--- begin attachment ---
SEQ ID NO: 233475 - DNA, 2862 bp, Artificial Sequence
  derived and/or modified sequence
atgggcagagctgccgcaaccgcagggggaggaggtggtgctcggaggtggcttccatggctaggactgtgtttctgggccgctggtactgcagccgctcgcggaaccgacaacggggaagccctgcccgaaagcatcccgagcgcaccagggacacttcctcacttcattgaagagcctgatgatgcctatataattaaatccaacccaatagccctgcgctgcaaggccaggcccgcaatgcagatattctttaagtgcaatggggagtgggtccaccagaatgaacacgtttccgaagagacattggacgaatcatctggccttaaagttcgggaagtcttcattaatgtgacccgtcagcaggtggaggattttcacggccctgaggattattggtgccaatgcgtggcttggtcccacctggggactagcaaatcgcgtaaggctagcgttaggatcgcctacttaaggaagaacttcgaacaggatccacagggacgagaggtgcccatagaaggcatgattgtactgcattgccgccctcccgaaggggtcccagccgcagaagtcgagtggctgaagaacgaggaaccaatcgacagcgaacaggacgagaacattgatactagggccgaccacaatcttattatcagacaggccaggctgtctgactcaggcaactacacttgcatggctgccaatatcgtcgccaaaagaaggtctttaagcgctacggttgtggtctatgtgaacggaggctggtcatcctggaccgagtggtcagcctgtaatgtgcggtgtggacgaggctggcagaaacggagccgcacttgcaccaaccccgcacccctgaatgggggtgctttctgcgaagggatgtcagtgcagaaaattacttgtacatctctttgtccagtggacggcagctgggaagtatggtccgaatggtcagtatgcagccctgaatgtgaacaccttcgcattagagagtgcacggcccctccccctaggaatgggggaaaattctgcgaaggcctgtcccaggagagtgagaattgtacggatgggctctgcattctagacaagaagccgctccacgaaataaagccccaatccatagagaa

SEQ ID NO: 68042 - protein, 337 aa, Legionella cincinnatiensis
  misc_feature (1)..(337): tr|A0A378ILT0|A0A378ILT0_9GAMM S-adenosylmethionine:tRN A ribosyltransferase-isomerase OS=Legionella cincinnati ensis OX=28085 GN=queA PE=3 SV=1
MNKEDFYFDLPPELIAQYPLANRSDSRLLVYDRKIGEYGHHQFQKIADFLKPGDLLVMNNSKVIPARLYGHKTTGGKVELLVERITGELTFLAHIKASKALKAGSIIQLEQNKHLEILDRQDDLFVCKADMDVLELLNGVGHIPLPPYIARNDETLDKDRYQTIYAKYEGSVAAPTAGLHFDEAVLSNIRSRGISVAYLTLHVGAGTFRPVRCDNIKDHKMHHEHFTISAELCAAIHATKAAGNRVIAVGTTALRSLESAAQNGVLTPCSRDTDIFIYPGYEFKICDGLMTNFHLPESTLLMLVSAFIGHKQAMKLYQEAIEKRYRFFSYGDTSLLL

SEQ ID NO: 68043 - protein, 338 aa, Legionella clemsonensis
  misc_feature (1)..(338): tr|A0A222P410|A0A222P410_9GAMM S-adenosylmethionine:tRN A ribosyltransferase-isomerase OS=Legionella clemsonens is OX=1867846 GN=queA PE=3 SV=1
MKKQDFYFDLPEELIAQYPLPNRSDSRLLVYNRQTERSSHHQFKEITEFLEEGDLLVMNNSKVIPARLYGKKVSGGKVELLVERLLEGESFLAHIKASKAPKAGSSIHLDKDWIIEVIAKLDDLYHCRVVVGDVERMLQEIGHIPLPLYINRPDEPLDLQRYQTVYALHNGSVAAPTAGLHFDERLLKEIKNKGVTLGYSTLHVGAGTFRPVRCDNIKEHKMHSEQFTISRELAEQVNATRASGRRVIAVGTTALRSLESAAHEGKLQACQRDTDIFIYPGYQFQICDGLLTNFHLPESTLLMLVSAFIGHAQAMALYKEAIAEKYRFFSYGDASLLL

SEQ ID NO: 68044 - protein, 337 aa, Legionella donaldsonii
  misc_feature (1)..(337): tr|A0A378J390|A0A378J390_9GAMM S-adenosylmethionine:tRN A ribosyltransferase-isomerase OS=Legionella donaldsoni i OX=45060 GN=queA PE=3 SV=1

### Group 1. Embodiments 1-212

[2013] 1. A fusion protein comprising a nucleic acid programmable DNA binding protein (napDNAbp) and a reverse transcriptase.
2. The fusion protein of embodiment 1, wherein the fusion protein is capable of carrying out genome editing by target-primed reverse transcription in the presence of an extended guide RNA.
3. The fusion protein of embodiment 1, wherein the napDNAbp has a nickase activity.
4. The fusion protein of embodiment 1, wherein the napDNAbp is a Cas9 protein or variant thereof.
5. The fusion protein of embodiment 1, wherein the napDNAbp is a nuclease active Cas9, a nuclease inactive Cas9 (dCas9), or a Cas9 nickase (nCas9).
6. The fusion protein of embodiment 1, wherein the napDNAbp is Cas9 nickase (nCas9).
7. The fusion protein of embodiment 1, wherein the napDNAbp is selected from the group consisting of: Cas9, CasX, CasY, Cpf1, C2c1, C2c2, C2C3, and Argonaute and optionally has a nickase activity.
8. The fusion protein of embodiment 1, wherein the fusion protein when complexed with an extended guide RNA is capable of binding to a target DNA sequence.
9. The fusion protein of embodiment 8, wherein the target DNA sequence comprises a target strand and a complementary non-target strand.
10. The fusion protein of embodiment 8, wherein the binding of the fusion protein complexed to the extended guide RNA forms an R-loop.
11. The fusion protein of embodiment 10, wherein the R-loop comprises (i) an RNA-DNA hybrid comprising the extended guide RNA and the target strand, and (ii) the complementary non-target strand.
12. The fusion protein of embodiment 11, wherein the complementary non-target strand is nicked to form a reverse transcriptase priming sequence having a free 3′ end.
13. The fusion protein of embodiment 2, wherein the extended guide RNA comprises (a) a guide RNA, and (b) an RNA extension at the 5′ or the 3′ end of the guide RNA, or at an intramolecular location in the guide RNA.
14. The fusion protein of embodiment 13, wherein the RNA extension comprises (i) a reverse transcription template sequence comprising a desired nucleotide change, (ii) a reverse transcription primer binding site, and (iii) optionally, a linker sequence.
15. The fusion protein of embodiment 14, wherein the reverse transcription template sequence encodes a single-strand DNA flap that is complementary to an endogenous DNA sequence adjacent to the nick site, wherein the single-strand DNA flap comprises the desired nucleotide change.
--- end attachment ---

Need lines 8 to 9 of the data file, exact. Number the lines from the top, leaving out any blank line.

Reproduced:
  misc_feature (1)..(338): tr|A0A222P410|A0A222P410_9GAMM S-adenosylmethionine:tRN A ribosyltransferase-isomerase OS=Legionella clemsonens is OX=1867846 GN=queA PE=3 SV=1
MKKQDFYFDLPEELIAQYPLPNRSDSRLLVYNRQTERSSHHQFKEITEFLEEGDLLVMNNSKVIPARLYGKKVSGGKVELLVERLLEGESFLAHIKASKAPKAGSSIHLDKDWIIEVIAKLDDLYHCRVVVGDVERMLQEIGHIPLPLYINRPDEPLDLQRYQTVYALHNGSVAAPTAGLHFDERLLKEIKNKGVTLGYSTLHVGAGTFRPVRCDNIKEHKMHSEQFTISRELAEQVNATRASGRRVIAVGTTALRSLESAAHEGKLQACQRDTDIFIYPGYQFQICDGLLTNFHLPESTLLMLVSAFIGHAQAMALYKEAIAEKYRFFSYGDASLLL